Belgian Ministers threaten to close border to stop destabilisation from French nuclear power

Two Belgian Ministers call for an end to nuclear subsidies and promotion of renewable energy

Press release - 4 July, 2002

The Greenpeace flagship, the Rainbow Warrior, begins the first leg of the 'Choose Positive Energy Tour' in a global journey to support the development renewable energy around the world.

Belgium's Deputy Prime Minister and Energy Minister today called for an end to subsidies for nuclear power and a boost for development of renewable energy. Speaking onboard the Greenpeace flagship the Rainbow Warrior, the Ministers strongly backed the calls from environmental groups to end subsidies for dirty nuclear power and to promote renewable energy.

During a visit to the Rainbow Warrior, Belgium's Deputy Prime Minister, van de Lanotte, backed Greenpeace's campaign against nuclear subsidies recognising that they threaten the development of renewable energy.

"Today nuclear power is blocking access to the electricity grid?..wind energy should get free access to the grid and this will free the way for the full development of renewable energy. An important element is the absence of an electricity grid in the North Sea, which obliges each individual wind project to develop their own grid. The national grid organisation, Elia, should manage this as it does for the land based grid," van de Lanotte said.

Belgium's Energy Minister, Deleuze, referred to the existing national regulations, which already give priority access to the grid for renewable energy projects. He said this priority access still needs to be enforced and extended to cover the whole European electricity market specifically for cross border transmission lines, which at present have only a limited capacity.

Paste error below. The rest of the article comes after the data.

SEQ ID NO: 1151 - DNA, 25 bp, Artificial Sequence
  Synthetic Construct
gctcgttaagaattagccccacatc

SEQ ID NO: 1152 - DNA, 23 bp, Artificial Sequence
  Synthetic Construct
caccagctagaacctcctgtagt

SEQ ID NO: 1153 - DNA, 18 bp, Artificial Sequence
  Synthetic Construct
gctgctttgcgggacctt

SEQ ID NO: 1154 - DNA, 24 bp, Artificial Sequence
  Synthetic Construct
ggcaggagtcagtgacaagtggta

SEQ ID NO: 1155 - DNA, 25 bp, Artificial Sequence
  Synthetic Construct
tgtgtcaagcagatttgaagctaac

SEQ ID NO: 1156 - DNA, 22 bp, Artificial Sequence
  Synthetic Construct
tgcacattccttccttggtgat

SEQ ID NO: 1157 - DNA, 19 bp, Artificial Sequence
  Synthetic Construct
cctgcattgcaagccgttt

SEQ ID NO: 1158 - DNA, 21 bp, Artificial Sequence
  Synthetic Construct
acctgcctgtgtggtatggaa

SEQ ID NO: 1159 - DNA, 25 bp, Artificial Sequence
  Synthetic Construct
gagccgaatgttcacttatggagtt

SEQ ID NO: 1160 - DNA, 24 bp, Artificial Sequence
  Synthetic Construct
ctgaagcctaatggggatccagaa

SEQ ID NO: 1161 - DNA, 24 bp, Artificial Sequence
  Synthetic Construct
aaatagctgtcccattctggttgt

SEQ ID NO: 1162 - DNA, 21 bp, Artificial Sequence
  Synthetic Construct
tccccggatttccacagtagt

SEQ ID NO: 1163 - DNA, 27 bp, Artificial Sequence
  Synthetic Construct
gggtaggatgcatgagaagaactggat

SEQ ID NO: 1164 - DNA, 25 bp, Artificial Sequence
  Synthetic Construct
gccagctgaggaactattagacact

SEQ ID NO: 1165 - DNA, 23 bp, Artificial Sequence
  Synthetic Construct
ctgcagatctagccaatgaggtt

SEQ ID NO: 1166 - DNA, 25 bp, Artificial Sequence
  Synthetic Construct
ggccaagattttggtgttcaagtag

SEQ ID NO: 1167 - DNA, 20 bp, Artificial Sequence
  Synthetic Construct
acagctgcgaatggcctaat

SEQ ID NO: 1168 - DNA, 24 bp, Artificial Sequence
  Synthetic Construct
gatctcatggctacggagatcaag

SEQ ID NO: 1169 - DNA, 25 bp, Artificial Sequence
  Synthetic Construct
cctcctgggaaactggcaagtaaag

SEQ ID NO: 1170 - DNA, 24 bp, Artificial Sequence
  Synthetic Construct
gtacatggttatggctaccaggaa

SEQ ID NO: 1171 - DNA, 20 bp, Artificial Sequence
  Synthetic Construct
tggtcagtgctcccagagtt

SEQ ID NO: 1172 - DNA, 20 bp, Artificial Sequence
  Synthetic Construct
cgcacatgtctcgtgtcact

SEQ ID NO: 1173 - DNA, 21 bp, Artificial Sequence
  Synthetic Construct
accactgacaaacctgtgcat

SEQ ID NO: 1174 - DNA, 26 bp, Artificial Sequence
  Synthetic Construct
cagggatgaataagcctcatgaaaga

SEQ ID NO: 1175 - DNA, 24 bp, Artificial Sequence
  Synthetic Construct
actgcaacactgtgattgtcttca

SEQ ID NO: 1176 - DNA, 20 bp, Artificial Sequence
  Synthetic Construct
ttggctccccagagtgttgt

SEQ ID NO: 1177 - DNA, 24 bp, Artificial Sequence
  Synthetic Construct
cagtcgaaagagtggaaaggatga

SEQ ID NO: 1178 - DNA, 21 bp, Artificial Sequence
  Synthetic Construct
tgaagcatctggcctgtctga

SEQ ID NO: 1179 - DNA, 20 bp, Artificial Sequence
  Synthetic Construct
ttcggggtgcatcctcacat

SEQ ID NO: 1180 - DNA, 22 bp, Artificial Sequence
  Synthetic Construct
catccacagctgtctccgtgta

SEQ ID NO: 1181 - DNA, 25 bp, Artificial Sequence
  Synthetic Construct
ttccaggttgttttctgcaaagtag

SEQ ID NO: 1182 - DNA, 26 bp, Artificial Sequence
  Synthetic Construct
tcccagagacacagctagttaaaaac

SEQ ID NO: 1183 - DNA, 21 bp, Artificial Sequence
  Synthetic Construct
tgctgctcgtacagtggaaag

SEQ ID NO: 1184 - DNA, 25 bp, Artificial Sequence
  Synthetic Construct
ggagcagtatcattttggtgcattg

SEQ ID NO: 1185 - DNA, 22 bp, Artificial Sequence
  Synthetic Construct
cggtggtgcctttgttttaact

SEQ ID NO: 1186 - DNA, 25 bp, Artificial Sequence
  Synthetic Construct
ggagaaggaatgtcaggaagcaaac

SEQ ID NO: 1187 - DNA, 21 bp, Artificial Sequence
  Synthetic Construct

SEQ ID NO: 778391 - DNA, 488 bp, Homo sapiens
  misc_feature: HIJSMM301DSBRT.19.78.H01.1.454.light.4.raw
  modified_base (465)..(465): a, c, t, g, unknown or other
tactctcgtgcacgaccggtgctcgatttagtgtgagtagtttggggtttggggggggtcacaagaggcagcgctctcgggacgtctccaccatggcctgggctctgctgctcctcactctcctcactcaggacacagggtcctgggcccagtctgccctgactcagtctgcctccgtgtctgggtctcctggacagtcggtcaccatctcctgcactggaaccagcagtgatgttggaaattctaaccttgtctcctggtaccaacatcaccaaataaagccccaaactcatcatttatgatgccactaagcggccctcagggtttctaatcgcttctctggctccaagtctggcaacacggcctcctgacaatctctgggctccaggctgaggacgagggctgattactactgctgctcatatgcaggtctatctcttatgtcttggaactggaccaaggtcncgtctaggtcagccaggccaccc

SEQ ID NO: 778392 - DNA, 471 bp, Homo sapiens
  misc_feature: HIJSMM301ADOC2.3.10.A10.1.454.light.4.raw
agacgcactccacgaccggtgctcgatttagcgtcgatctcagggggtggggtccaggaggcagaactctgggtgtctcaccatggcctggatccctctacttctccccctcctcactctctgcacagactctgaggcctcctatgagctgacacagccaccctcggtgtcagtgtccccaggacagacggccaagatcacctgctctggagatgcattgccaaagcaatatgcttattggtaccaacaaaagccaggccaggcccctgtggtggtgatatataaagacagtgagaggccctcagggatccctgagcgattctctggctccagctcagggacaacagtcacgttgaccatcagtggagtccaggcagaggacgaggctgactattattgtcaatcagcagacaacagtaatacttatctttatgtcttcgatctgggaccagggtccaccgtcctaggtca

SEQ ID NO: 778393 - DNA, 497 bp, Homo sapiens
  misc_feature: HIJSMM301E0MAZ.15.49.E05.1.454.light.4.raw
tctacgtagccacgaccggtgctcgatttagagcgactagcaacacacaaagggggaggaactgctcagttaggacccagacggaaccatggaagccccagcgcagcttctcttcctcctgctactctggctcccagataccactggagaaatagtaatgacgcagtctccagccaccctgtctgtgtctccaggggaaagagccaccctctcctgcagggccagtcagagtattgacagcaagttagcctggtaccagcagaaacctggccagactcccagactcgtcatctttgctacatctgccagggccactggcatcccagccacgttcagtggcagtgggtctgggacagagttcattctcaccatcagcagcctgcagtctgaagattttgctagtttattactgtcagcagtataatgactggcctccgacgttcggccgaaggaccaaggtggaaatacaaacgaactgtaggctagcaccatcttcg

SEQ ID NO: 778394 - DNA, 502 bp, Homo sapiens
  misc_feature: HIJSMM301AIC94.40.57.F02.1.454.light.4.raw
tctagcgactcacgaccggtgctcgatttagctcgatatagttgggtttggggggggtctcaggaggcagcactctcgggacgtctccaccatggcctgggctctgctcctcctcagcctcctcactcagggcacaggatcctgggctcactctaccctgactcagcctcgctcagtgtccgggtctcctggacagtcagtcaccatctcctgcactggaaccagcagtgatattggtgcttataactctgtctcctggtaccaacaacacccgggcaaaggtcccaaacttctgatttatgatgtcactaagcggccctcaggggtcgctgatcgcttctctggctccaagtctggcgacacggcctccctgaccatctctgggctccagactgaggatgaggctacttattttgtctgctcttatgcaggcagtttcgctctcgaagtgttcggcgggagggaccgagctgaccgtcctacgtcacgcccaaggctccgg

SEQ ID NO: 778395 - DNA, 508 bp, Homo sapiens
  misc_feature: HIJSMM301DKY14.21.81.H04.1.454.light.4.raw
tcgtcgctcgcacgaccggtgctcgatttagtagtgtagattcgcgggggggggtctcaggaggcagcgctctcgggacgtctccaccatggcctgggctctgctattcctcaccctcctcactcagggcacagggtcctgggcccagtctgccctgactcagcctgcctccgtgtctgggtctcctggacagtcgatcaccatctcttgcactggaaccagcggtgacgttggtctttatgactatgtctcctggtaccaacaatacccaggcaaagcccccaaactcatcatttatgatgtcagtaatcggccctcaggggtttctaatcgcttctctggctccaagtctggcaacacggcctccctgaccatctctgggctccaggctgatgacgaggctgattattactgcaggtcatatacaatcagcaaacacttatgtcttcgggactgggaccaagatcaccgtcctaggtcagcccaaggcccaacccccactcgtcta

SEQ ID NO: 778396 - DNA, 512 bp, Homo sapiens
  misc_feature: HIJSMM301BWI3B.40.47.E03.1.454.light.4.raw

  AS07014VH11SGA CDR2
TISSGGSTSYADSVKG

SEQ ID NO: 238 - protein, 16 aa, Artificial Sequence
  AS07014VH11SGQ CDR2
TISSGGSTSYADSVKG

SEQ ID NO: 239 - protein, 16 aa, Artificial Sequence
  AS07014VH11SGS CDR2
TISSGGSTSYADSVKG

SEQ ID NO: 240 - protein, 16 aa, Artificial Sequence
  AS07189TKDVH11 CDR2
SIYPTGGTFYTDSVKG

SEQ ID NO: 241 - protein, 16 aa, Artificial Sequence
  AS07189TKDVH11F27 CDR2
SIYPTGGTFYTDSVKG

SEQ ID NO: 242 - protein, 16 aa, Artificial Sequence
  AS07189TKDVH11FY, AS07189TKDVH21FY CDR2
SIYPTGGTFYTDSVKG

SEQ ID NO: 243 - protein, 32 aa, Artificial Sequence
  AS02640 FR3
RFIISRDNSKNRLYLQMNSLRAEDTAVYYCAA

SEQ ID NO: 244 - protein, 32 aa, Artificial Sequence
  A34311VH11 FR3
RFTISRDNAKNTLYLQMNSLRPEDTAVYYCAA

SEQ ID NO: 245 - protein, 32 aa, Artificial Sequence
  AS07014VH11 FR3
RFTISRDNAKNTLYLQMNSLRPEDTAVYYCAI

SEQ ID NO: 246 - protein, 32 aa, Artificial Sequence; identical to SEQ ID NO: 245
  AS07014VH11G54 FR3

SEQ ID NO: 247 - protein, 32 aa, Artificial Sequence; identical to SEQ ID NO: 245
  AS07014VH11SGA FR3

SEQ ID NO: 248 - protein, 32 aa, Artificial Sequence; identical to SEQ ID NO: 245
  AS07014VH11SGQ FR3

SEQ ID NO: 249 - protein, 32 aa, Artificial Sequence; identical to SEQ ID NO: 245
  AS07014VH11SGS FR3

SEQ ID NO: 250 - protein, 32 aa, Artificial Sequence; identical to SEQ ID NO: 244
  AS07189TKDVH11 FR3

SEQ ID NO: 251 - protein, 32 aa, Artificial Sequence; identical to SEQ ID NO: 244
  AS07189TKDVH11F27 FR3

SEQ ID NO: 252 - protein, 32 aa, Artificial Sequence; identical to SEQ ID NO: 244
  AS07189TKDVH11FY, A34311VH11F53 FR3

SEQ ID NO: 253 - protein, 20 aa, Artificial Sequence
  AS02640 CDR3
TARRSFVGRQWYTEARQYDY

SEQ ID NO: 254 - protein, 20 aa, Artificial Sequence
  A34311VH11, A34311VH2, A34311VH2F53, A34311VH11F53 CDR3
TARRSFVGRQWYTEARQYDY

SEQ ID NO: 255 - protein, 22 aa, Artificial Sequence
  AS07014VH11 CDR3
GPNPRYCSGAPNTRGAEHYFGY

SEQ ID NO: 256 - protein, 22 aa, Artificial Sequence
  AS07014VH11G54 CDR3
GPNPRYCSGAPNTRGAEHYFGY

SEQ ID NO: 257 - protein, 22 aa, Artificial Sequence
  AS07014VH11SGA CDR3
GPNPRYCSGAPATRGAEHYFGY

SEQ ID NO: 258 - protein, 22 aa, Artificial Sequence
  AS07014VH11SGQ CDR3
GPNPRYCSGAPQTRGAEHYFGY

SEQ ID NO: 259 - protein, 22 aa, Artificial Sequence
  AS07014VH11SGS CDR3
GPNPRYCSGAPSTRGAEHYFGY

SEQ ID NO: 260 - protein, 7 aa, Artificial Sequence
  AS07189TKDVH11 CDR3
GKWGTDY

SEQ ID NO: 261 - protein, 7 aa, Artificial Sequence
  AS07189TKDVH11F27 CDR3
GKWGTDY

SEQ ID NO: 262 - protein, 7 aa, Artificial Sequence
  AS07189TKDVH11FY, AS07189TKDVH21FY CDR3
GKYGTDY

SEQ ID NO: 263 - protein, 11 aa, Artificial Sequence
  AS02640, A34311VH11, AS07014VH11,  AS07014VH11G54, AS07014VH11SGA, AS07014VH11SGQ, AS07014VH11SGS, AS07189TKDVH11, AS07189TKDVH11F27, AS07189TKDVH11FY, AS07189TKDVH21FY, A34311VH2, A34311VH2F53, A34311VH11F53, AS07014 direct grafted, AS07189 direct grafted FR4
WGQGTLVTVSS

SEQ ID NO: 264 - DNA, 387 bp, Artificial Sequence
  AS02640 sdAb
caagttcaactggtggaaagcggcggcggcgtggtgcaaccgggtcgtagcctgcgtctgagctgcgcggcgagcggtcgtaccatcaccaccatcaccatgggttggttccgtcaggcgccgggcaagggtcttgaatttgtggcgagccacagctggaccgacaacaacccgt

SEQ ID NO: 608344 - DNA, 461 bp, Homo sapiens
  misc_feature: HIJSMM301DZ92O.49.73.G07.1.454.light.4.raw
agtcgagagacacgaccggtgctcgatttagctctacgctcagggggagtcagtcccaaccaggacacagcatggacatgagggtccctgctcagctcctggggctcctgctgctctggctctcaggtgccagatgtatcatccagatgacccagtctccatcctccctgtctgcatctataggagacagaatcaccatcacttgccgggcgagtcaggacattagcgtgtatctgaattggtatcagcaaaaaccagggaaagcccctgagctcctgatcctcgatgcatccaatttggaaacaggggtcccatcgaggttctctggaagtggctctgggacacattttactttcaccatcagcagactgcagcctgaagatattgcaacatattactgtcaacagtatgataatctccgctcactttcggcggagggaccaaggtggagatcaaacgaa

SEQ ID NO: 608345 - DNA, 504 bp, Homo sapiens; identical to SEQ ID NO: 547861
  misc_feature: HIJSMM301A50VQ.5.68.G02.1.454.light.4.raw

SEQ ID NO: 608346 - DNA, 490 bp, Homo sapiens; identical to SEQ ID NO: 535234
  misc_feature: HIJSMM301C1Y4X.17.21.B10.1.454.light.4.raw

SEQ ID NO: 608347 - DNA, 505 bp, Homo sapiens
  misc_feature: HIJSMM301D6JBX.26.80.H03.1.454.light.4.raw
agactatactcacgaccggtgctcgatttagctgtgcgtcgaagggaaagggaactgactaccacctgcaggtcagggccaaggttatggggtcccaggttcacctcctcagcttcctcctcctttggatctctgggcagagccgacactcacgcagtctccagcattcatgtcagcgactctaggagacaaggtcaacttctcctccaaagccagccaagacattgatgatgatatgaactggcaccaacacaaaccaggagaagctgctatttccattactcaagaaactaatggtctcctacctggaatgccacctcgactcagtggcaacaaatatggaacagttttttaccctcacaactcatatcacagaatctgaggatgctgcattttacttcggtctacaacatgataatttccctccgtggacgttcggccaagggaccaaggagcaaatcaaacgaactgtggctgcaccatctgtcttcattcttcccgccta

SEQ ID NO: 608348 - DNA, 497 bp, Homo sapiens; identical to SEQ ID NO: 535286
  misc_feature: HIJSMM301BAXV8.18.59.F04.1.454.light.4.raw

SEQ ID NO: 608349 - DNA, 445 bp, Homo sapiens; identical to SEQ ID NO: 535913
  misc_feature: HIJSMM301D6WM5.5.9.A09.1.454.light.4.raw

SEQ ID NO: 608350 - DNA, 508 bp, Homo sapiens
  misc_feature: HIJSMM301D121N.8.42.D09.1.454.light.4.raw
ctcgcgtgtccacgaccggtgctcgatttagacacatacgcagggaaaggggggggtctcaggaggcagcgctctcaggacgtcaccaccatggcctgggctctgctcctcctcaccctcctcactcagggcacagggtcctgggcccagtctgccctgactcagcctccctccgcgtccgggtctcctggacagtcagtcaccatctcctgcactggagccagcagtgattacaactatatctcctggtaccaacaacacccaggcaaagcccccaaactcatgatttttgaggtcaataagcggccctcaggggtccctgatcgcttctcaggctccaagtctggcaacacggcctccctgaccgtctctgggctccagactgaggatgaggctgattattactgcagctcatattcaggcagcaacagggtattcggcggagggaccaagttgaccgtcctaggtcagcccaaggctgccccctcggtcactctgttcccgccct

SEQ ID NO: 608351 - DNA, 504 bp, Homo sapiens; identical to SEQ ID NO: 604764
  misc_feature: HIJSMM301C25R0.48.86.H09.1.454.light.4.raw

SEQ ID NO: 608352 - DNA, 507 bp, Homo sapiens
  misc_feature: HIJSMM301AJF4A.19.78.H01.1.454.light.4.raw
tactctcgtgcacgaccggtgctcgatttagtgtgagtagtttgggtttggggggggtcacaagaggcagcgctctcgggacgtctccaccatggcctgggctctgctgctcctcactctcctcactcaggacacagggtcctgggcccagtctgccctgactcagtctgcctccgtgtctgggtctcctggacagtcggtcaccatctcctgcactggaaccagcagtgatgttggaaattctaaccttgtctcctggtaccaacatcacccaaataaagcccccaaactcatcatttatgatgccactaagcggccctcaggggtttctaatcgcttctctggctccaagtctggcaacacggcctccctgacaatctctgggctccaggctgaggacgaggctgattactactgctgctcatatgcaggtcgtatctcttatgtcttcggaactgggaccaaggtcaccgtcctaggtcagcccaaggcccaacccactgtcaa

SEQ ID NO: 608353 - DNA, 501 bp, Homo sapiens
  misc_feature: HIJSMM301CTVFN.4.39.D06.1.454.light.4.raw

An enormous strain is being placed on the Belgium grid by France?s nuclear exports through it, Deleuze said. "My first task as Energy Minister is the security of supply, and if the French exports to Germany and the Netherlands is putting too much stress on the Belgian grid, I will take the

responsibility to block the flow at the French Belgium border," he warned. "I have written to my colleagues in the Netherlands, Germany, France and Switzerland to explain this policy and to call for the development of a European policy to resolve the problem," he said.

Greenpeace welcomed the support of the government ministers and repeated its call for a full investigation into the subsidies to nuclear power and a plan for their elimination.

Jan van de Putte from Greenpeace Belgium said: "The establishment of a dedicated North Sea grid is a pre-condition for the large scale development of offshore wind power. With the right policy in place wind energy could supply one third of our electricity needs within a generation. This Government has the responsibility to make that energy revolution happen and to phase out nuclear power."

The visit followed an action earlier this week in which Greenpeace activists climbed the cooling tower of the Belgium's Doel nuclear plant calling for an end to discrimination against renewable energy sources and nuclear subsidies.